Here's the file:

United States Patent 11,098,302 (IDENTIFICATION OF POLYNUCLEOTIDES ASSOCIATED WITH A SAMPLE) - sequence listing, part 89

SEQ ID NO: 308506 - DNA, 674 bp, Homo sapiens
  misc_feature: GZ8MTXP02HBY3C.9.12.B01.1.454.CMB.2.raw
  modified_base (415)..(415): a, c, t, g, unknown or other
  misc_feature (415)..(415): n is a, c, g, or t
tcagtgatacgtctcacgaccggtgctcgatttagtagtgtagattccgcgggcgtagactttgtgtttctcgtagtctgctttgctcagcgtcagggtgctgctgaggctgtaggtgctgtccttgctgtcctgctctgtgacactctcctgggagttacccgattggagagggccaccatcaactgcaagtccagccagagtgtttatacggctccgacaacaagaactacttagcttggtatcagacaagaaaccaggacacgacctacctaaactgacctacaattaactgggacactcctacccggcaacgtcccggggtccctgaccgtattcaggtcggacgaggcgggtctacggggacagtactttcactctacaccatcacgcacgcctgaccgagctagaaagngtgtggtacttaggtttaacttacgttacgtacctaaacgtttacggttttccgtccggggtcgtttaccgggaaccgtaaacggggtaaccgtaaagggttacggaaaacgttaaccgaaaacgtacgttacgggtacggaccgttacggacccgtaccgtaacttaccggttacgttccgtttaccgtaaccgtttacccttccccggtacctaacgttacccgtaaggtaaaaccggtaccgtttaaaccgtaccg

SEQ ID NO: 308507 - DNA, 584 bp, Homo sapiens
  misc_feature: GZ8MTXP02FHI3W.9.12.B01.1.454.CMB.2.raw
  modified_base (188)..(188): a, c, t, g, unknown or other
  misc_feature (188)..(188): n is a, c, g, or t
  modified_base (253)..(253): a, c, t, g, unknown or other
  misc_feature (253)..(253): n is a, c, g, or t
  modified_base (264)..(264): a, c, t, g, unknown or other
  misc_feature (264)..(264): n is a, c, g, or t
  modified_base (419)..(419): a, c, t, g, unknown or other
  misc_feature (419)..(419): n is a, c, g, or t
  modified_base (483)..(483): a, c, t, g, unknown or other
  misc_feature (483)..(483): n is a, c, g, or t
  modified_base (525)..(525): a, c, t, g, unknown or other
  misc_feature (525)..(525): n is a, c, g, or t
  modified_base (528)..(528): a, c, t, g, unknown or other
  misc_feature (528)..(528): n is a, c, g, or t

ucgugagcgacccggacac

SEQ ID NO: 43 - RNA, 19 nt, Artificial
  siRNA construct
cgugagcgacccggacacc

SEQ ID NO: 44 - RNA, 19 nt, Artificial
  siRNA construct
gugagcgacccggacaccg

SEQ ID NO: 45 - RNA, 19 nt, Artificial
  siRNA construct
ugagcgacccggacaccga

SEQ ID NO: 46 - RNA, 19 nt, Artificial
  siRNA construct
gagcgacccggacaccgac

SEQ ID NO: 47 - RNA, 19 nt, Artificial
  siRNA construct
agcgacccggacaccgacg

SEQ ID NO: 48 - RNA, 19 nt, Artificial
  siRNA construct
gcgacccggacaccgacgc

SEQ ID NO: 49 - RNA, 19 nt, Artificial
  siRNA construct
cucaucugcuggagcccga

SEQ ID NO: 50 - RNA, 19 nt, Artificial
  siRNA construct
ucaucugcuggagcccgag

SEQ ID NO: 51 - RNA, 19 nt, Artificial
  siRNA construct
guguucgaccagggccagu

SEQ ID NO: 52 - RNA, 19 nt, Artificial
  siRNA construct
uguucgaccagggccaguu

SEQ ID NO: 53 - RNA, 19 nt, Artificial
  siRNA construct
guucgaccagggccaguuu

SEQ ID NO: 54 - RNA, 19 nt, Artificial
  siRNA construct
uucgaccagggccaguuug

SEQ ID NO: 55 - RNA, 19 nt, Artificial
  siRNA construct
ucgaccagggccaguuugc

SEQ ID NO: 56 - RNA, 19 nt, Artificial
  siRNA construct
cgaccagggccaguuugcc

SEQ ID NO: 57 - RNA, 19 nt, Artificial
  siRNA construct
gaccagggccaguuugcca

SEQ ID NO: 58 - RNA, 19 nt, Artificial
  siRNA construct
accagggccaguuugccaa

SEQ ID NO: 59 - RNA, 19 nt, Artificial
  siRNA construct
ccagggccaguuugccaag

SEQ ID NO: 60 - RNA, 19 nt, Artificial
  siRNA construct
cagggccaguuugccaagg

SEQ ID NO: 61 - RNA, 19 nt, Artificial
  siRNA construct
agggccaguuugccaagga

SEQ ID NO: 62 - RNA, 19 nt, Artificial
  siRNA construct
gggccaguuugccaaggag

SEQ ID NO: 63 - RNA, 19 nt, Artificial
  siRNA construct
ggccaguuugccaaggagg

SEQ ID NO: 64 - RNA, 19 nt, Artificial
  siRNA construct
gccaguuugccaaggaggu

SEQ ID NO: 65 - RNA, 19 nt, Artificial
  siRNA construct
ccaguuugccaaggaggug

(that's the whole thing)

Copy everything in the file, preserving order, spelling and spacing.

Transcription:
United States Patent 11,098,302 (IDENTIFICATION OF POLYNUCLEOTIDES ASSOCIATED WITH A SAMPLE) - sequence listing, part 89

SEQ ID NO: 308506 - DNA, 674 bp, Homo sapiens
  misc_feature: GZ8MTXP02HBY3C.9.12.B01.1.454.CMB.2.raw
  modified_base (415)..(415): a, c, t, g, unknown or other
  misc_feature (415)..(415): n is a, c, g, or t
tcagtgatacgtctcacgaccggtgctcgatttagtagtgtagattccgcgggcgtagactttgtgtttctcgtagtctgctttgctcagcgtcagggtgctgctgaggctgtaggtgctgtccttgctgtcctgctctgtgacactctcctgggagttacccgattggagagggccaccatcaactgcaagtccagccagagtgtttatacggctccgacaacaagaactacttagcttggtatcagacaagaaaccaggacacgacctacctaaactgacctacaattaactgggacactcctacccggcaacgtcccggggtccctgaccgtattcaggtcggacgaggcgggtctacggggacagtactttcactctacaccatcacgcacgcctgaccgagctagaaagngtgtggtacttaggtttaacttacgttacgtacctaaacgtttacggttttccgtccggggtcgtttaccgggaaccgtaaacggggtaaccgtaaagggttacggaaaacgttaaccgaaaacgtacgttacgggtacggaccgttacggacccgtaccgtaacttaccggttacgttccgtttaccgtaaccgtttacccttccccggtacctaacgttacccgtaaggtaaaaccggtaccgtttaaaccgtaccg

SEQ ID NO: 308507 - DNA, 584 bp, Homo sapiens
  misc_feature: GZ8MTXP02FHI3W.9.12.B01.1.454.CMB.2.raw
  modified_base (188)..(188): a, c, t, g, unknown or other
  misc_feature (188)..(188): n is a, c, g, or t
  modified_base (253)..(253): a, c, t, g, unknown or other
  misc_feature (253)..(253): n is a, c, g, or t
  modified_base (264)..(264): a, c, t, g, unknown or other
  misc_feature (264)..(264): n is a, c, g, or t
  modified_base (419)..(419): a, c, t, g, unknown or other
  misc_feature (419)..(419): n is a, c, g, or t
  modified_base (483)..(483): a, c, t, g, unknown or other
  misc_feature (483)..(483): n is a, c, g, or t
  modified_base (525)..(525): a, c, t, g, unknown or other
  misc_feature (525)..(525): n is a, c, g, or t
  modified_base (528)..(528): a, c, t, g, unknown or other
  misc_feature (528)..(528): n is a, c, g, or t

ucgugagcgacccggacac

SEQ ID NO: 43 - RNA, 19 nt, Artificial
  siRNA construct
cgugagcgacccggacacc

SEQ ID NO: 44 - RNA, 19 nt, Artificial
  siRNA construct
gugagcgacccggacaccg

SEQ ID NO: 45 - RNA, 19 nt, Artificial
  siRNA construct
ugagcgacccggacaccga

SEQ ID NO: 46 - RNA, 19 nt, Artificial
  siRNA construct
gagcgacccggacaccgac

SEQ ID NO: 47 - RNA, 19 nt, Artificial
  siRNA construct
agcgacccggacaccgacg

SEQ ID NO: 48 - RNA, 19 nt, Artificial
  siRNA construct
gcgacccggacaccgacgc

SEQ ID NO: 49 - RNA, 19 nt, Artificial
  siRNA construct
cucaucugcuggagcccga

SEQ ID NO: 50 - RNA, 19 nt, Artificial
  siRNA construct
ucaucugcuggagcccgag

SEQ ID NO: 51 - RNA, 19 nt, Artificial
  siRNA construct
guguucgaccagggccagu

SEQ ID NO: 52 - RNA, 19 nt, Artificial
  siRNA construct
uguucgaccagggccaguu

SEQ ID NO: 53 - RNA, 19 nt, Artificial
  siRNA construct
guucgaccagggccaguuu

SEQ ID NO: 54 - RNA, 19 nt, Artificial
  siRNA construct
uucgaccagggccaguuug

SEQ ID NO: 55 - RNA, 19 nt, Artificial
  siRNA construct
ucgaccagggccaguuugc

SEQ ID NO: 56 - RNA, 19 nt, Artificial
  siRNA construct
cgaccagggccaguuugcc

SEQ ID NO: 57 - RNA, 19 nt, Artificial
  siRNA construct
gaccagggccaguuugcca

SEQ ID NO: 58 - RNA, 19 nt, Artificial
  siRNA construct
accagggccaguuugccaa

SEQ ID NO: 59 - RNA, 19 nt, Artificial
  siRNA construct
ccagggccaguuugccaag

SEQ ID NO: 60 - RNA, 19 nt, Artificial
  siRNA construct
cagggccaguuugccaagg

SEQ ID NO: 61 - RNA, 19 nt, Artificial
  siRNA construct
agggccaguuugccaagga

SEQ ID NO: 62 - RNA, 19 nt, Artificial
  siRNA construct
gggccaguuugccaaggag

SEQ ID NO: 63 - RNA, 19 nt, Artificial
  siRNA construct
ggccaguuugccaaggagg

SEQ ID NO: 64 - RNA, 19 nt, Artificial
  siRNA construct
gccaguuugccaaggaggu

SEQ ID NO: 65 - RNA, 19 nt, Artificial
  siRNA construct
ccaguuugccaaggaggug